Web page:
Felix Duvallet

PhD student, CMU Robotics Institute

RI-Meta seminar

This new seminar series covers a variety of high-level (meta) topics that we all do as robotics researchers. The primary audience is all current students, but everyone is invited.

We hope cover a range of topic such as:

  • Finding a research problem
  • Giving presentations
  • Navigating the job market
  • Writing papers
  • Programming for researchers
  • Time management for students
  • etc...

Help out!

Speak: Do you have something you're passionate about? Let me know, we'd love to hear about it.

Help: Are you able to organize a talk? Help out with snacks? Spend a few minutes with setup? Let me know.

List of talks

Writing Good Code (Jessica Austin).
Wednesday July 2, 2014. 3pm, NSH 1305.
Slides are available.

In this talk, we'll learn what sets good code apart from bad, and some basic best practices so your code is well-structured, less buggy, and easier to modify and reuse. Also, since good code and well-tested code are usually one and the same, we'll spend some time covering the basics of writing unit tests.

The format will be roughly 45 minutes of lecture, followed by a 30-45 minute workshop where we'll practice what we've learned. If you plan on attending the workshop, bring a laptop with MATLAB installed (any version is ok).

About Jessica: Before coming to CMU, I spent 5 years working as a developer, tester, and dev-ops engineer at ThoughtWorks and GrubHub. I hope some of what I've learned in industry will be helpful for you on your academic projects!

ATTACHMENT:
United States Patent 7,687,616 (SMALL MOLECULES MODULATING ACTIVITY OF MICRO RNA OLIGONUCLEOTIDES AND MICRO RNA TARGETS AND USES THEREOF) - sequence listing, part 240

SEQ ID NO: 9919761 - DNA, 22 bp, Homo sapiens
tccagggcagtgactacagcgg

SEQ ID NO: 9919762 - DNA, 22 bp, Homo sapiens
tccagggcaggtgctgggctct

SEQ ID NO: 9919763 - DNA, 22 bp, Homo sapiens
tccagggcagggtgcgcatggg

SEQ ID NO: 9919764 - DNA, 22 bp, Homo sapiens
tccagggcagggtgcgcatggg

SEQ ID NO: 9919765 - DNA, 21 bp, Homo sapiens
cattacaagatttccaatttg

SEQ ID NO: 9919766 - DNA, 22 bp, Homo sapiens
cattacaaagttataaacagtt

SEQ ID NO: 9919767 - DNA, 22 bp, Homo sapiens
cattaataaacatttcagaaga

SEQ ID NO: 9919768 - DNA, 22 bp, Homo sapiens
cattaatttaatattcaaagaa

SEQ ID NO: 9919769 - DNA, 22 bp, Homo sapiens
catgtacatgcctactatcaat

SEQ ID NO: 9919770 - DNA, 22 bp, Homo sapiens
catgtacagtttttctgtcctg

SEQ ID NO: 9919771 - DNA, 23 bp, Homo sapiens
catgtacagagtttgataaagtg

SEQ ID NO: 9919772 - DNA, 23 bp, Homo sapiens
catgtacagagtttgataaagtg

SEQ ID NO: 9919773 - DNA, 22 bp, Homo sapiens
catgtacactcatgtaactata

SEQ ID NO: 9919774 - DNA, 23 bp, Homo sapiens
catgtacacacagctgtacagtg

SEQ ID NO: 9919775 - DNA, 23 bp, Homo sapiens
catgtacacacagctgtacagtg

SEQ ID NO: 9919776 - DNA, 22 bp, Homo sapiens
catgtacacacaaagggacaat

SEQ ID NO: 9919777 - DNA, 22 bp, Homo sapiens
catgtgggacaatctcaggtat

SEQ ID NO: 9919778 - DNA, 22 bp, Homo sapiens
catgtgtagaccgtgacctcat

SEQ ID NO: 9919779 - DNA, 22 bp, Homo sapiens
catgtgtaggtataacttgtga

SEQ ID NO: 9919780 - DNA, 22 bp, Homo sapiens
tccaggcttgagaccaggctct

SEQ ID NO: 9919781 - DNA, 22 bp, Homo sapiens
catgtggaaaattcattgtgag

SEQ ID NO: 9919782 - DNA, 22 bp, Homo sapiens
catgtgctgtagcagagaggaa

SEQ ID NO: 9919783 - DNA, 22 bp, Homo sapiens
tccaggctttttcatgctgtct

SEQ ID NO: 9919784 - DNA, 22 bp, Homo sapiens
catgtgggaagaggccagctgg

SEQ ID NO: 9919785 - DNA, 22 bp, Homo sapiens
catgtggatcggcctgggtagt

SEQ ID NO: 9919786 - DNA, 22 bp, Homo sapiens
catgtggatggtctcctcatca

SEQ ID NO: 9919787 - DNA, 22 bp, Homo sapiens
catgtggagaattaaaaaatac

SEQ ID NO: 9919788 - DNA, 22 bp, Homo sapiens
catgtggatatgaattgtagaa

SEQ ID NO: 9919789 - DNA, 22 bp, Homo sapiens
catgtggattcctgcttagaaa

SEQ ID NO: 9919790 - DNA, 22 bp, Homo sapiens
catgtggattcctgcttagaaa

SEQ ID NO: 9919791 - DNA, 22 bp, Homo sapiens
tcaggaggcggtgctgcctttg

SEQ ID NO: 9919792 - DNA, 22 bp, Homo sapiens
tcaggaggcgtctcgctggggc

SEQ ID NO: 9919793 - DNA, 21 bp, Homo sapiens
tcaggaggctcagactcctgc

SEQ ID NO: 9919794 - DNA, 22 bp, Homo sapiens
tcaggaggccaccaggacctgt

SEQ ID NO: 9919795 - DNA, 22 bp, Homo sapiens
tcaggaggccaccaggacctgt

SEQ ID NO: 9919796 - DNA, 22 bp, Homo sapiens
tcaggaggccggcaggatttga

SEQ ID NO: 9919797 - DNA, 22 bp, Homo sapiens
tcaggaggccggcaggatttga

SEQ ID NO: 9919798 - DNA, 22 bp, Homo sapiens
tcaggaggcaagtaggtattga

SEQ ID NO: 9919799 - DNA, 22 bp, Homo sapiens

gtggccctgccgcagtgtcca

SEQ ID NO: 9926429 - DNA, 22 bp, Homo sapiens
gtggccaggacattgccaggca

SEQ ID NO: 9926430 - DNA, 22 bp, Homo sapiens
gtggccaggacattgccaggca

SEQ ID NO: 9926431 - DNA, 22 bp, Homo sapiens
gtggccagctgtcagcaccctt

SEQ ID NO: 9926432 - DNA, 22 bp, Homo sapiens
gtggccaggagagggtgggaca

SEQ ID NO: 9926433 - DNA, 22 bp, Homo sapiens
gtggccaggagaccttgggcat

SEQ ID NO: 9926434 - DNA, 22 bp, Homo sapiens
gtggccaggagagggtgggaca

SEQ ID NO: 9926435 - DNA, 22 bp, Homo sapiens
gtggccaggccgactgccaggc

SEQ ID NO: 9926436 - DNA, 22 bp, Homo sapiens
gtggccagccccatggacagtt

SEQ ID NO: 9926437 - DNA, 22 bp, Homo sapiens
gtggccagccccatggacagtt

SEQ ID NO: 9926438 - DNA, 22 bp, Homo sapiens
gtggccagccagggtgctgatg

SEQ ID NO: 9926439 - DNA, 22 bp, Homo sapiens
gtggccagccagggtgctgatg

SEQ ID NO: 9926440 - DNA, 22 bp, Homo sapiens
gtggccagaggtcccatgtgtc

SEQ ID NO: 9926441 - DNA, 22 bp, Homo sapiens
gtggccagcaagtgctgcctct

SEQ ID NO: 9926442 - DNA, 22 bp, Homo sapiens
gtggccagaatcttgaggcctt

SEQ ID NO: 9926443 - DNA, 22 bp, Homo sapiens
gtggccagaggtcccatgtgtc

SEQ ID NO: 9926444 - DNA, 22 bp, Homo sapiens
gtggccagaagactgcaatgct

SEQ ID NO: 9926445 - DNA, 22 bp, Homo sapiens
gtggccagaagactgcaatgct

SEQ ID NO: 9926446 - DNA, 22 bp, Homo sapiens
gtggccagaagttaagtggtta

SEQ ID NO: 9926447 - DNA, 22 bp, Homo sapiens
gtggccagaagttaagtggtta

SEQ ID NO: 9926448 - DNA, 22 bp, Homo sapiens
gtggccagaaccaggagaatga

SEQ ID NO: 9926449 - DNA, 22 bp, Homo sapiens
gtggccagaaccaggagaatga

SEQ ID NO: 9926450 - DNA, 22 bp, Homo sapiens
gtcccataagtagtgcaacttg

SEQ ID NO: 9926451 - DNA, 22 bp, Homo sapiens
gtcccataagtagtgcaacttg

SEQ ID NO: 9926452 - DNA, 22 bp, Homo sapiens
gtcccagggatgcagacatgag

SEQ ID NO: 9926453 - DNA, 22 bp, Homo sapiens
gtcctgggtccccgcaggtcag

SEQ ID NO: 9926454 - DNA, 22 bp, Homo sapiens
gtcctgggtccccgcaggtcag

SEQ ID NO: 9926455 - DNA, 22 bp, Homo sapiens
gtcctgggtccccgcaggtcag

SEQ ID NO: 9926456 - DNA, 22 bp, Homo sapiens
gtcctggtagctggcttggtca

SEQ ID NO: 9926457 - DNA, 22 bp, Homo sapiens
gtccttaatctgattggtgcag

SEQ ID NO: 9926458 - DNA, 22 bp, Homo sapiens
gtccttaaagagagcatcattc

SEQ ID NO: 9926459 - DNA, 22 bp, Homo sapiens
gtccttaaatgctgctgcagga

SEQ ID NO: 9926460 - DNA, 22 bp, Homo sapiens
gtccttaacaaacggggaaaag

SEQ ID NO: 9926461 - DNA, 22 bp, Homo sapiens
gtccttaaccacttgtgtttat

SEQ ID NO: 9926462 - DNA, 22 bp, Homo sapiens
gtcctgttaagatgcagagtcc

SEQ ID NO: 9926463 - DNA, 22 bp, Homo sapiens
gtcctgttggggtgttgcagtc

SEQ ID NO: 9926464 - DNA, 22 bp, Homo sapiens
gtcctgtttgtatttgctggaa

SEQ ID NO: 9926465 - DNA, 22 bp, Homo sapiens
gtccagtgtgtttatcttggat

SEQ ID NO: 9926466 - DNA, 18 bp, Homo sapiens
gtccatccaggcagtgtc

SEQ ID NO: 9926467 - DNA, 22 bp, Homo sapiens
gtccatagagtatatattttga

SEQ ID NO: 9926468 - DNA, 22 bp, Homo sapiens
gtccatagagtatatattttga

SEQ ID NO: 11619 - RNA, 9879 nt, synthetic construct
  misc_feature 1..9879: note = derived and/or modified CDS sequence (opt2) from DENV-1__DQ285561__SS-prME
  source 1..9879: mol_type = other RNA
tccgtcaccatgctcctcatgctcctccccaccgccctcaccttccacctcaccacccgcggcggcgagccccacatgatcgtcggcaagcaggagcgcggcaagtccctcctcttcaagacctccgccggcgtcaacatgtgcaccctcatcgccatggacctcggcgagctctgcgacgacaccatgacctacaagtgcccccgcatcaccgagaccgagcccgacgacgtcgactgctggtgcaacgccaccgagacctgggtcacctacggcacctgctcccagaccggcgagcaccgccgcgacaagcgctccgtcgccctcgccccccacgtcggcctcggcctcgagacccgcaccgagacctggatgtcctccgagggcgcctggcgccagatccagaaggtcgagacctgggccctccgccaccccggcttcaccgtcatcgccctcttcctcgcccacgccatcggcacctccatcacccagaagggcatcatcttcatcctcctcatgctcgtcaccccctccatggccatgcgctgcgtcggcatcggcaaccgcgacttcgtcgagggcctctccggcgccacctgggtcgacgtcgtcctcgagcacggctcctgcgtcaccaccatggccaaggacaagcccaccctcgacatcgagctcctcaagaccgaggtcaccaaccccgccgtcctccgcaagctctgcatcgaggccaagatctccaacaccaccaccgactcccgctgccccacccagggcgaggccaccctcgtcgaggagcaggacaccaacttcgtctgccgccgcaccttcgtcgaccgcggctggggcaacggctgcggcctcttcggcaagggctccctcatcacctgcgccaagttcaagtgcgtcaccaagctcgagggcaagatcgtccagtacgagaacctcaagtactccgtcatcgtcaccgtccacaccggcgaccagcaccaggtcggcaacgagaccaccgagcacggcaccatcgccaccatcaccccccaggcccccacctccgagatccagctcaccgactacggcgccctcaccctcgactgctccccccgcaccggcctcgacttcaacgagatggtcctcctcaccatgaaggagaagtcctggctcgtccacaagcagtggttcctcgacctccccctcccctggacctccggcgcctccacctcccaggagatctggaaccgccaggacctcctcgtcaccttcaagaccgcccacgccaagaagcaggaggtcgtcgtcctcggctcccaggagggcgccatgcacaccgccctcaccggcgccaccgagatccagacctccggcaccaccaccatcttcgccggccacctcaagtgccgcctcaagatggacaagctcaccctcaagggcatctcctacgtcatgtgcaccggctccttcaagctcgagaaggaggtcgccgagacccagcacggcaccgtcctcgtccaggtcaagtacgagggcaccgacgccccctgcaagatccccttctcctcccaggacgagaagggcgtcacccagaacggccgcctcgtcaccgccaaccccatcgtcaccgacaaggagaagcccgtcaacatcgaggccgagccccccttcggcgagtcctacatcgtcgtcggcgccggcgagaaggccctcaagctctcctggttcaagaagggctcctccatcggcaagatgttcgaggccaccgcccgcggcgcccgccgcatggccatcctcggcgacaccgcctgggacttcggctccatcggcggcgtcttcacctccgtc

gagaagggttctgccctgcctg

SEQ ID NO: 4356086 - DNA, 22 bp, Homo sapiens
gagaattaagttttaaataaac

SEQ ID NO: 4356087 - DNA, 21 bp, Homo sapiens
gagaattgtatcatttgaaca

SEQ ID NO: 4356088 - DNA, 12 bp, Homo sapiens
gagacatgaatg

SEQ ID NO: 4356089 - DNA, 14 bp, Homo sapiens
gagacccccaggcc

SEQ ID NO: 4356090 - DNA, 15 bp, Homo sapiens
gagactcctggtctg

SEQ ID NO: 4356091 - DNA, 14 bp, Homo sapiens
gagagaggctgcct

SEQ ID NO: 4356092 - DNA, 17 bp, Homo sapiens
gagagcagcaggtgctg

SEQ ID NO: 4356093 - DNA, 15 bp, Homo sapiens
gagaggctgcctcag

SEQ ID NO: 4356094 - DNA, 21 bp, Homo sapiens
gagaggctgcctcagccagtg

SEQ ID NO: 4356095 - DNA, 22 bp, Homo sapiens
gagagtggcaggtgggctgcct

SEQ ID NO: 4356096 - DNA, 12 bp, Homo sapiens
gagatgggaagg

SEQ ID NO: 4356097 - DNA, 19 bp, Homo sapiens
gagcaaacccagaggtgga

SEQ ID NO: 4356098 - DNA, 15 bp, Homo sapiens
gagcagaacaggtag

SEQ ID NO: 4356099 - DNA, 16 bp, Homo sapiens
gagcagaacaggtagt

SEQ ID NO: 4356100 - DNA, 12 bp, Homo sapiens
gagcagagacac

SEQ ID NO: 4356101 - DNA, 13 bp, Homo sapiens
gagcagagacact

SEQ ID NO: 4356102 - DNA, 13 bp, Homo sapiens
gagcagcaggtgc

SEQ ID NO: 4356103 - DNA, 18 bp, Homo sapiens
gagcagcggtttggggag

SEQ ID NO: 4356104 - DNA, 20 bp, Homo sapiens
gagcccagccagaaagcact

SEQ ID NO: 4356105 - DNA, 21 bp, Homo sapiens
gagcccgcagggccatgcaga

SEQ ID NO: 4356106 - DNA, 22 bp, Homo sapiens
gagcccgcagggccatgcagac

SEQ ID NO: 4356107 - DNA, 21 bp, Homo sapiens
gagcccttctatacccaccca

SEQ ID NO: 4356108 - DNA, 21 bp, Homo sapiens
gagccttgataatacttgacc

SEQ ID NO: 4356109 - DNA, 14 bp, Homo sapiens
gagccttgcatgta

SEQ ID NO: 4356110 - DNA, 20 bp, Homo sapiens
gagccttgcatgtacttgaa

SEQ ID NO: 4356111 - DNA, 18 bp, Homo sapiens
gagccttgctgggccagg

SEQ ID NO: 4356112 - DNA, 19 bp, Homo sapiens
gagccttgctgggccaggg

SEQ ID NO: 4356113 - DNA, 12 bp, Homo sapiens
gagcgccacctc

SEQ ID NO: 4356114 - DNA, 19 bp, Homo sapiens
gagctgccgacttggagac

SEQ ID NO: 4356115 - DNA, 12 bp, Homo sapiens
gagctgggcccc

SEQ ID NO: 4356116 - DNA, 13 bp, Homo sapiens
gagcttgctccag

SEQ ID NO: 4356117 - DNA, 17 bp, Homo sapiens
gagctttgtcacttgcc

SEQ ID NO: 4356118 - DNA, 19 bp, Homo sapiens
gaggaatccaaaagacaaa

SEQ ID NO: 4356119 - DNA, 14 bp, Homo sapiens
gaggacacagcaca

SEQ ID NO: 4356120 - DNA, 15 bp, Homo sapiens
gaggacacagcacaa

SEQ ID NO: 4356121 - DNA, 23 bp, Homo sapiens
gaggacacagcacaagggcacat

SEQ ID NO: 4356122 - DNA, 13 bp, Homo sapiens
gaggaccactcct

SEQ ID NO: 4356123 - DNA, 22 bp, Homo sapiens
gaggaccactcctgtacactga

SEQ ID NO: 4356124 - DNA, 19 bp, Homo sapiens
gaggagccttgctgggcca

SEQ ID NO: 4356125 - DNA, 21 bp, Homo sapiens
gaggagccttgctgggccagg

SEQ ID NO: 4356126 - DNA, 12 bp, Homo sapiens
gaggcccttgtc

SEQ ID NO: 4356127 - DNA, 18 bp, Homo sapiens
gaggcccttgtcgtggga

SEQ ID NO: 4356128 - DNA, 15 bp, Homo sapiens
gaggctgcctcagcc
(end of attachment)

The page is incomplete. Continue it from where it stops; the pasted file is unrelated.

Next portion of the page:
Making and giving good research talks (Siddhartha Srinivasa).
Wednesday May 28, 2014. 4pm. NSH 1305.
Slides are available.

Disseminating good research is often as important as creating good research. I will present some collected wisdom and share my personal experiences on making and giving research talks.

Finding and Running with a PhD Thesis Topic (Sanjiv Singh).
Monday April 28, 2014.
Slides are available.

For most, finding a viable thesis topic is a singular experience. It must be cutting edge but it must fit within a large set of constraints dictated by pragmatics. While you might work on a research team, your own ideas must be front and center in a Phd thesis. While your advisor might help you with organizing principles and background, he or she can't (or shouldn't) hand you a pre packed set of problems to solve. Understandably, a significant question has to do with how to get started and how to proceed with promising ideas.
In my talk I will summarize the process that I go through with students on the process of finding, iterating on, and running with a thesis topic. I will explain how this process is an example of the fact that the artifacts of science are quite different from the process of science.